Cider orange chaos
In the charming town of Darlington Hills, trouble brews alongside steaming cups of pumpkin spice latte.
Interior designer Hadley Sutton finds herself caught in the middle of a feud between her favorite hangout, Whisks and Whiskers Cat Cafe, and its fierce new competitor, the Tea-Bone Dog Cafe. The claws are out in an epic rivalry of cats versus dogs and coffee versus tea.
When the dog cafe’s owner is murdered and Hadley’s cousin is identified as a possible suspect, Hadley dives headfirst into a trail of clues that point to a ruthless killer determined to keep their identity hidden.
Hadley must balance solving the crime, spying on Whisks and Whiskers’ sneaky new competitor, nurturing a blossoming romance, and dealing with a bizarre request from Detective Dennis Appley that she never saw coming. A complex web of romance and suspense unfolds, adding a spicy twist to her already thrilling adventure.
In Cider Orange Chaos, Hadley will need all her wit, charm, and determination to unearth the truth. Can she unravel the mystery before the killer makes her their next target?
Join Hadley as she brews up a storm in a cozy mystery that will keep you guessing until the last drop.
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Stepping inside the Whisks and Whiskers Cat Café, I was greeted by the rich smell of coffee, curious glances from a nearby pair of calico kittens, and a very worried-looking Dennis Appley, who was jogging toward me.
“Mornin’, Hadley.” He spoke quickly, looking around as he approached. His ripped blue jeans and casual sweater told me he was off-duty today, and his sandy-blonde hair was disheveled as usual, giving off an air of cool indifference.
“What’s up?” I called out, raising my voice so he would hear me over the lively chatter surrounding us.
Giving him a quick hug, I claimed a spot at the back of the long line behind the coffee bar. Saturday mornings were always busy, but today it was even more packed. I guessed it had something to do with the café’s Halloween specials: half-price pumpkin spice lattes and a free sugar cookie with any purchase.
“I’m hoping you can do me a favor.”
“Sure,” I sang. “What’ll it be? A free cup of coffee? A slice of pie? Being friends with the owner had its perks, and in your case, so does being friends with the friend of the owner.”
“I need you to pretend to be my girlfriend.”
I laughed so loud that one of the calico kittens bolted up a carpeted play structure and hid inside the hut at the top. “Thanks for the laugh. You had me going there for a second. I actually thought you…” I trailed off as I studied his face.
Oh. He was serious. There was no smile twitching on his lips, no glints of humor in his eyes. Not even the slightest dimple in his dimply cheeks.
“Uh…” I ran out of words.
“Detective Sanders caught Akari and me having breakfast together just now. He’s growing suspicious of us.” Dennis pointed discreetly to a table by the window where Akari Suzuki, his super-secret girlfriend and fellow police officer, was talking with Detective Roy Sanders and my Aunt Deb, who were also in a relationship.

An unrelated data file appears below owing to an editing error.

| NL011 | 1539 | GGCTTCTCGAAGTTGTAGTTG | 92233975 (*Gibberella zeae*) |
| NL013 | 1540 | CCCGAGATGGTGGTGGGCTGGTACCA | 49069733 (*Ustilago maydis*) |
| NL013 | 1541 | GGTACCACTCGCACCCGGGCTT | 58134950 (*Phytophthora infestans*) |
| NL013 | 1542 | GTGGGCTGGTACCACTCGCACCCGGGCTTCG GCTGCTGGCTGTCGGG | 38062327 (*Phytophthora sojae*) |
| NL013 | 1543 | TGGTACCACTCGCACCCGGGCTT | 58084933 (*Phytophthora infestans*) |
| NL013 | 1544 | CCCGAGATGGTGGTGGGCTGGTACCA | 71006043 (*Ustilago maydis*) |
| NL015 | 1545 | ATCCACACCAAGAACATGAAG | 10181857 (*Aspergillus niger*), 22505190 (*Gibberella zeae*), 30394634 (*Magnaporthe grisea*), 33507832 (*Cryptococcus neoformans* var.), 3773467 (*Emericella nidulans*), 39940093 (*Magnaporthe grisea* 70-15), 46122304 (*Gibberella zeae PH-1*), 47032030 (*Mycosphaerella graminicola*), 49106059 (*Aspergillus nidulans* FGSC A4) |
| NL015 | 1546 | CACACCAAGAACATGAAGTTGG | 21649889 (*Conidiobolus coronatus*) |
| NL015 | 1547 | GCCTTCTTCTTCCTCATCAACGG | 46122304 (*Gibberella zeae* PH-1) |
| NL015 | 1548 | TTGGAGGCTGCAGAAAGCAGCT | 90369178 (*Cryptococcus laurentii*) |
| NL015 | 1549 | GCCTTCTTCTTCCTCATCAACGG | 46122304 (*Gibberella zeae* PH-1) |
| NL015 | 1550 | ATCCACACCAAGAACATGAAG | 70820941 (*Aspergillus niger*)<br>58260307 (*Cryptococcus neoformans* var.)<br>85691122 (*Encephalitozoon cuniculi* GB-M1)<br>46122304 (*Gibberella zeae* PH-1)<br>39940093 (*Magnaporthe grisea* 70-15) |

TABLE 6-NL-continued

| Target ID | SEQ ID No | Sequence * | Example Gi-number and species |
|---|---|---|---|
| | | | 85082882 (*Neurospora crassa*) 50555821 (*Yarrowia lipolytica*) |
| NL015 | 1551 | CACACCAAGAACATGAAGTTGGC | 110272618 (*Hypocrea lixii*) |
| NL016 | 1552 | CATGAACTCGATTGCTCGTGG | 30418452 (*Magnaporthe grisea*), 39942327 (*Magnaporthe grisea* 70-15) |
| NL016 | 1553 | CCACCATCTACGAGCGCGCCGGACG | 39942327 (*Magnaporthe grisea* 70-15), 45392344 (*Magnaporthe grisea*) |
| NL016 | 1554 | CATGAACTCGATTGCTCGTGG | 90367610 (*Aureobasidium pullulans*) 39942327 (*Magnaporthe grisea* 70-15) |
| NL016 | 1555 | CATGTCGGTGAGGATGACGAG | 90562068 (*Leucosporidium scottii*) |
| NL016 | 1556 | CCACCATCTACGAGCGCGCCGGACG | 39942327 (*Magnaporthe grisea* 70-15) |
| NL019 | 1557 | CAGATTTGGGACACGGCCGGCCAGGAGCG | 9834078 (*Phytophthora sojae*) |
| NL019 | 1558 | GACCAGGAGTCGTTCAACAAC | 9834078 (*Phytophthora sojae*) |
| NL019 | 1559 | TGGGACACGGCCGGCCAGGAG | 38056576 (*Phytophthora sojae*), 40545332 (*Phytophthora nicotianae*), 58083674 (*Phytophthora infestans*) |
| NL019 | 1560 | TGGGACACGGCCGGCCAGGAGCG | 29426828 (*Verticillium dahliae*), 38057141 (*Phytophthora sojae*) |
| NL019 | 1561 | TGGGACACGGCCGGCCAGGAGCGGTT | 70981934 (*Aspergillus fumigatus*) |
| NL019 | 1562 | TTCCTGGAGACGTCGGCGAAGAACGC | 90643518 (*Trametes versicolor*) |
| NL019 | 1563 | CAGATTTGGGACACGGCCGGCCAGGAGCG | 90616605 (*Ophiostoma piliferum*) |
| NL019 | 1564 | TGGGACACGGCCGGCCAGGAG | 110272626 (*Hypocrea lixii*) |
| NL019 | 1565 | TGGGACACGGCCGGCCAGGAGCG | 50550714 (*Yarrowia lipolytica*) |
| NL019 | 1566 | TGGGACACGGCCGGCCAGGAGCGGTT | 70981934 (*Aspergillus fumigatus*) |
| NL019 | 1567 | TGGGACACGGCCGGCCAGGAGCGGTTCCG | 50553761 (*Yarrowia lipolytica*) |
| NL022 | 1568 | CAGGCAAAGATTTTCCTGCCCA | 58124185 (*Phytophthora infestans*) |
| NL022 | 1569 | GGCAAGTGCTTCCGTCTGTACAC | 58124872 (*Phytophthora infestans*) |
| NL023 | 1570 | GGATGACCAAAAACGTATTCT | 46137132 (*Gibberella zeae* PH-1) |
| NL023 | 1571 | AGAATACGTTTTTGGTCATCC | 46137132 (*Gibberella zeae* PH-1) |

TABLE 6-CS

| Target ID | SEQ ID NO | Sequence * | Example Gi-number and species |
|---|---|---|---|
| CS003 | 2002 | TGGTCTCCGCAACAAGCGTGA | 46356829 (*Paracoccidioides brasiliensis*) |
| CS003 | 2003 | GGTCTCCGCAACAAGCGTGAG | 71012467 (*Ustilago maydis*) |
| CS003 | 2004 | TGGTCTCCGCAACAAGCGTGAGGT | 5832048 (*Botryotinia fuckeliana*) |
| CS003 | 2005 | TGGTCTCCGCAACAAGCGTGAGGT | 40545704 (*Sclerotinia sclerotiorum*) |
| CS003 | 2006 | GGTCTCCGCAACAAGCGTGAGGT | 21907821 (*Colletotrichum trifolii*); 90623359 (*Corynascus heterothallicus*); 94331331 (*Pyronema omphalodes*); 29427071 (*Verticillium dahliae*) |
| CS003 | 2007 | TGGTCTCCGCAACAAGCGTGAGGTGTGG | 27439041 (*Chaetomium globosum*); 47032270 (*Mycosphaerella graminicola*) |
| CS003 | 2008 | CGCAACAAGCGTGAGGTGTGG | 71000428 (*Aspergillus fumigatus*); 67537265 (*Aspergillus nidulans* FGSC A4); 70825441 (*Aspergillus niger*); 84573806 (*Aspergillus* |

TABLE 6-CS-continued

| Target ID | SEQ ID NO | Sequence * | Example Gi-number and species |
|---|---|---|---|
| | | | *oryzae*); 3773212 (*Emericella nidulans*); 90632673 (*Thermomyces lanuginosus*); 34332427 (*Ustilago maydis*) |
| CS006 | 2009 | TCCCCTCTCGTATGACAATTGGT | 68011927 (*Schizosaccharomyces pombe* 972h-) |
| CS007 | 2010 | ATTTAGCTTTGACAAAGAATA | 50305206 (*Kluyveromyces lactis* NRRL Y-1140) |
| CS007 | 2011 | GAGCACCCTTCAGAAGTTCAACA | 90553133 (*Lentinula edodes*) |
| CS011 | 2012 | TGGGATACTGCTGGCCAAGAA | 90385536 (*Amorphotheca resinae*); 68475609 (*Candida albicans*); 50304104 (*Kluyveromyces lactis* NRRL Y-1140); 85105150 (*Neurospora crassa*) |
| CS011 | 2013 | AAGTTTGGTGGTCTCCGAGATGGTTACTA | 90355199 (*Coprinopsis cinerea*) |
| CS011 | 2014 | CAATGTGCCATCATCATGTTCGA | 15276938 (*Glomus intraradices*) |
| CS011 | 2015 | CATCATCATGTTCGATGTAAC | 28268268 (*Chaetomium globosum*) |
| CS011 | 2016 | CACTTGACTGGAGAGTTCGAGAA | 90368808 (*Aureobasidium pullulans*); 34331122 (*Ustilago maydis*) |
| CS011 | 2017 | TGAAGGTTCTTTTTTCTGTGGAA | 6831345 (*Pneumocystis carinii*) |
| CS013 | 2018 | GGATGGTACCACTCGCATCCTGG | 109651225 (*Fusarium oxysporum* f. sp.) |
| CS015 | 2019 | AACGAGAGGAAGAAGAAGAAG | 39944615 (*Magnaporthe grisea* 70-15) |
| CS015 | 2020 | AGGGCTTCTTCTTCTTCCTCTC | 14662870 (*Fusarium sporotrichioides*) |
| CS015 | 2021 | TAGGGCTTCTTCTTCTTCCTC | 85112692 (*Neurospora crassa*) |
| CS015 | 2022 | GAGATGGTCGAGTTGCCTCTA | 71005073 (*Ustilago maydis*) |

I moved up a spot in the line, then shed my jean jacket and draped it over my arm. The café was warm compared to the crisp autumn air outside. “There’s nothing suspicious about having breakfast with a coworker. I eat with mine all the time.”
He grunted. “She was feeding me a bite of her quiche.”
“Hmm. That’s not something I do with coworkers.”
“Exactly. And if Detective Sanders or the police chief find out I’m dating another officer, I could lose my job. Rumors about Akari and me are starting to spread.”
I rolled my eyes. “Rumors that are true. You can’t go around feeding each other quiche in public and not expect people to notice.”
“People like your aunt. She just asked me how long Akari and I have been dating and whether she would be invited to the wedding.”
I held back a laugh. “That sounds like something she would ask.” As much as I loved my aunt, I’d learned to keep all details of my love life hidden from her. “What did you tell her?”
“I panicked. I told her I’m not dating Akari; I’m dating you.”
My eyebrows shot up. “What? How? Why?”
“You walked in right after she asked. I saw you and it just fell out of my mouth.” He put an arm around me awkwardly and turned to wave to Aunt Deb and Detective Sanders. He swore under his breath. “Now they’re sitting at my table. Can’t they get their own?”
“I’m here to have breakfast with my aunt and Detective Sanders. They sat at your table because you told them we’re dating. They assumed I’d sit with you too.”
Dennis thought for a moment. “Makes sense. So you’ll go along with it?”
I shrugged off his arm and stepped back. “No.”
Pushing past him, I stepped out of line and headed for the far side of the counter to place my order. Now was a good time to take advantage of my friends-of-the-café privileges. Not only was I friends with the owner, Erin, but I’d also recently agreed to help her refresh the cafe’s interior at a lower rate than I typically charged clients. She wanted to jazz up the place to outdo their new competitor next door, the Tea-Bone Dog Café.
Dennis caught up with me in two long strides. “Come on, Hadley. You owe me.”
My jaw fell. “For what?”
“For not arresting you this summer.”
“But I was innocent.”
He grimaced. “It didn’t seem like it at the time. You’re lucky I didn’t book you into the graybar hotel.”
“The slammer. The pokey. You know, jail.”
I ignored Dennis and waved to Timmy, the manager of Whisks and Whiskers. He handed off a tray of dirty dishes to a kitchen helper, then pulled a ghost-shaped sugar cookie from a glass jar and placed it on a napkin.
“Happy Halloween! Try a cookie?” He handed it to me before I could answer.
“Thanks, Timmy; you’re the best. Can I get a pumpkin spice latte as well, please?” I slid a hand into my bag to retrieve my wallet.
“You got it, but it’s on the house. I’ll have it ready in a few minutes. We’re slammed this morning.” He said it with a smile, clearly pleased to have so many customers in the café.